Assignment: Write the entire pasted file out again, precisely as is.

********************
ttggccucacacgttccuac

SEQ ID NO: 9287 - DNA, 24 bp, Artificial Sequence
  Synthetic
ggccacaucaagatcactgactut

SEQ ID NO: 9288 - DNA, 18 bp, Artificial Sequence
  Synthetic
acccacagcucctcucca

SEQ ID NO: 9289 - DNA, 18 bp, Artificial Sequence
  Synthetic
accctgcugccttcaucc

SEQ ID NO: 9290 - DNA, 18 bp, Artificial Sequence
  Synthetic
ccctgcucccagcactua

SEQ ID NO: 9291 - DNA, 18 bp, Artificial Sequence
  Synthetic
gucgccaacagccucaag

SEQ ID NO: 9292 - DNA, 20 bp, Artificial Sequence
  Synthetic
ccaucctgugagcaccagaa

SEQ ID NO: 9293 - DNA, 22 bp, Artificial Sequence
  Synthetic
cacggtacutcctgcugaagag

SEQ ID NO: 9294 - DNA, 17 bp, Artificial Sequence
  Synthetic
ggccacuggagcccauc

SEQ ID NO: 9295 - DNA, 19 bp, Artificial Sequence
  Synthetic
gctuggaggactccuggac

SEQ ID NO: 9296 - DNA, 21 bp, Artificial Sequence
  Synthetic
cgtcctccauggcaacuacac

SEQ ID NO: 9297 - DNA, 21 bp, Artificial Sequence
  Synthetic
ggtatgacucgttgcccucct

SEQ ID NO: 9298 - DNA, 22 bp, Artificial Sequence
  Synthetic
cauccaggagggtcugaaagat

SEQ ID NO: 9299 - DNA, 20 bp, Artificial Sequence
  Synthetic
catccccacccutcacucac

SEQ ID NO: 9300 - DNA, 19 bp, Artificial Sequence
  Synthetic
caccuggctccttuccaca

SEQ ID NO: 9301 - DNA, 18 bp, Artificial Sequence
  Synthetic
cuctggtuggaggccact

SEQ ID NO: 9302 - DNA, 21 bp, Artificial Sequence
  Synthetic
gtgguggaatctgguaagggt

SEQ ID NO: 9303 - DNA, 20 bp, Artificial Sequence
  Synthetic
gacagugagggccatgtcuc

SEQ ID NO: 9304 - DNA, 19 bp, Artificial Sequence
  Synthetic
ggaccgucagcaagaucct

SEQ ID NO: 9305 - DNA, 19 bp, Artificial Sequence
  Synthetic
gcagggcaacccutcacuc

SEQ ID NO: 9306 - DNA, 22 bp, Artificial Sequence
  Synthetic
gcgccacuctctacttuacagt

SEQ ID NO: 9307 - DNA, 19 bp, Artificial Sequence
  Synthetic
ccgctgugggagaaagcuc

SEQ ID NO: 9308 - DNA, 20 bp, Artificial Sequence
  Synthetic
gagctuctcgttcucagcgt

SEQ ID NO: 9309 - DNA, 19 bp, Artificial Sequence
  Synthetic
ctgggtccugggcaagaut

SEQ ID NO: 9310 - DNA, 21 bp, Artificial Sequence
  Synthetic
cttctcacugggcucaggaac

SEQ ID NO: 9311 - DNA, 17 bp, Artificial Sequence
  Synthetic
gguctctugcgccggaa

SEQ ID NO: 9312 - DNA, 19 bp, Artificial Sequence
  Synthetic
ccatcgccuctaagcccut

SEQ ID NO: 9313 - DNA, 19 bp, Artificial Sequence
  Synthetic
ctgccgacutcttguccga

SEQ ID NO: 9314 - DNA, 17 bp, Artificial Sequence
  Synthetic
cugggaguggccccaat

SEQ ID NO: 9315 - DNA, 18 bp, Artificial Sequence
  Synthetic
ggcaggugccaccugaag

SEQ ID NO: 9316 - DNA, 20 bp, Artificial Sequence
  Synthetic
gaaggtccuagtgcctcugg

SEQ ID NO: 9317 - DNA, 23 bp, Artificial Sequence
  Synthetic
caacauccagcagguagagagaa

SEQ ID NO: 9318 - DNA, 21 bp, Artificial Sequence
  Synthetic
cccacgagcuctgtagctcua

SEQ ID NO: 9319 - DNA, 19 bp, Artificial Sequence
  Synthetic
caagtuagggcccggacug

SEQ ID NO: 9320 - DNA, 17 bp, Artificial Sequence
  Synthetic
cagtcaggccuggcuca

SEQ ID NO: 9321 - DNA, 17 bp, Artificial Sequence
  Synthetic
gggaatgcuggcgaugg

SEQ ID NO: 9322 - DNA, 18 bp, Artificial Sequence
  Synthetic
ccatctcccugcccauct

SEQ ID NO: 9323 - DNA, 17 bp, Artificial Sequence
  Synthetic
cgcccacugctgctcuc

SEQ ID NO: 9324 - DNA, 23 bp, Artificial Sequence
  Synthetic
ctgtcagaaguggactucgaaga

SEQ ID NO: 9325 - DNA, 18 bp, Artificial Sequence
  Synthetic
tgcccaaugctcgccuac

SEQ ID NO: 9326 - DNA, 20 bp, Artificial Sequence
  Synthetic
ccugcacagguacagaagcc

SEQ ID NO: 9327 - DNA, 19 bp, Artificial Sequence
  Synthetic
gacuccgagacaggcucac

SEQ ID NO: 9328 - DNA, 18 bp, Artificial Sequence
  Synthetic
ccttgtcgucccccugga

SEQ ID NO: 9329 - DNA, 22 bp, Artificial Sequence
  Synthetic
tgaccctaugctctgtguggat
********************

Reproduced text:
ttggccucacacgttccuac

SEQ ID NO: 9287 - DNA, 24 bp, Artificial Sequence
  Synthetic
ggccacaucaagatcactgactut

SEQ ID NO: 9288 - DNA, 18 bp, Artificial Sequence
  Synthetic
acccacagcucctcucca

SEQ ID NO: 9289 - DNA, 18 bp, Artificial Sequence
  Synthetic
accctgcugccttcaucc

SEQ ID NO: 9290 - DNA, 18 bp, Artificial Sequence
  Synthetic
ccctgcucccagcactua

SEQ ID NO: 9291 - DNA, 18 bp, Artificial Sequence
  Synthetic
gucgccaacagccucaag

SEQ ID NO: 9292 - DNA, 20 bp, Artificial Sequence
  Synthetic
ccaucctgugagcaccagaa

SEQ ID NO: 9293 - DNA, 22 bp, Artificial Sequence
  Synthetic
cacggtacutcctgcugaagag

SEQ ID NO: 9294 - DNA, 17 bp, Artificial Sequence
  Synthetic
ggccacuggagcccauc

SEQ ID NO: 9295 - DNA, 19 bp, Artificial Sequence
  Synthetic
gctuggaggactccuggac

SEQ ID NO: 9296 - DNA, 21 bp, Artificial Sequence
  Synthetic
cgtcctccauggcaacuacac

SEQ ID NO: 9297 - DNA, 21 bp, Artificial Sequence
  Synthetic
ggtatgacucgttgcccucct

SEQ ID NO: 9298 - DNA, 22 bp, Artificial Sequence
  Synthetic
cauccaggagggtcugaaagat

SEQ ID NO: 9299 - DNA, 20 bp, Artificial Sequence
  Synthetic
catccccacccutcacucac

SEQ ID NO: 9300 - DNA, 19 bp, Artificial Sequence
  Synthetic
caccuggctccttuccaca

SEQ ID NO: 9301 - DNA, 18 bp, Artificial Sequence
  Synthetic
cuctggtuggaggccact

SEQ ID NO: 9302 - DNA, 21 bp, Artificial Sequence
  Synthetic
gtgguggaatctgguaagggt

SEQ ID NO: 9303 - DNA, 20 bp, Artificial Sequence
  Synthetic
gacagugagggccatgtcuc

SEQ ID NO: 9304 - DNA, 19 bp, Artificial Sequence
  Synthetic
ggaccgucagcaagaucct

SEQ ID NO: 9305 - DNA, 19 bp, Artificial Sequence
  Synthetic
gcagggcaacccutcacuc

SEQ ID NO: 9306 - DNA, 22 bp, Artificial Sequence
  Synthetic
gcgccacuctctacttuacagt

SEQ ID NO: 9307 - DNA, 19 bp, Artificial Sequence
  Synthetic
ccgctgugggagaaagcuc

SEQ ID NO: 9308 - DNA, 20 bp, Artificial Sequence
  Synthetic
gagctuctcgttcucagcgt

SEQ ID NO: 9309 - DNA, 19 bp, Artificial Sequence
  Synthetic
ctgggtccugggcaagaut

SEQ ID NO: 9310 - DNA, 21 bp, Artificial Sequence
  Synthetic
cttctcacugggcucaggaac

SEQ ID NO: 9311 - DNA, 17 bp, Artificial Sequence
  Synthetic
gguctctugcgccggaa

SEQ ID NO: 9312 - DNA, 19 bp, Artificial Sequence
  Synthetic
ccatcgccuctaagcccut

SEQ ID NO: 9313 - DNA, 19 bp, Artificial Sequence
  Synthetic
ctgccgacutcttguccga

SEQ ID NO: 9314 - DNA, 17 bp, Artificial Sequence
  Synthetic
cugggaguggccccaat

SEQ ID NO: 9315 - DNA, 18 bp, Artificial Sequence
  Synthetic
ggcaggugccaccugaag

SEQ ID NO: 9316 - DNA, 20 bp, Artificial Sequence
  Synthetic
gaaggtccuagtgcctcugg

SEQ ID NO: 9317 - DNA, 23 bp, Artificial Sequence
  Synthetic
caacauccagcagguagagagaa

SEQ ID NO: 9318 - DNA, 21 bp, Artificial Sequence
  Synthetic
cccacgagcuctgtagctcua

SEQ ID NO: 9319 - DNA, 19 bp, Artificial Sequence
  Synthetic
caagtuagggcccggacug

SEQ ID NO: 9320 - DNA, 17 bp, Artificial Sequence
  Synthetic
cagtcaggccuggcuca

SEQ ID NO: 9321 - DNA, 17 bp, Artificial Sequence
  Synthetic
gggaatgcuggcgaugg

SEQ ID NO: 9322 - DNA, 18 bp, Artificial Sequence
  Synthetic
ccatctcccugcccauct

SEQ ID NO: 9323 - DNA, 17 bp, Artificial Sequence
  Synthetic
cgcccacugctgctcuc

SEQ ID NO: 9324 - DNA, 23 bp, Artificial Sequence
  Synthetic
ctgtcagaaguggactucgaaga

SEQ ID NO: 9325 - DNA, 18 bp, Artificial Sequence
  Synthetic
tgcccaaugctcgccuac

SEQ ID NO: 9326 - DNA, 20 bp, Artificial Sequence
  Synthetic
ccugcacagguacagaagcc

SEQ ID NO: 9327 - DNA, 19 bp, Artificial Sequence
  Synthetic
gacuccgagacaggcucac

SEQ ID NO: 9328 - DNA, 18 bp, Artificial Sequence
  Synthetic
ccttgtcgucccccugga

SEQ ID NO: 9329 - DNA, 22 bp, Artificial Sequence
  Synthetic
tgaccctaugctctgtguggat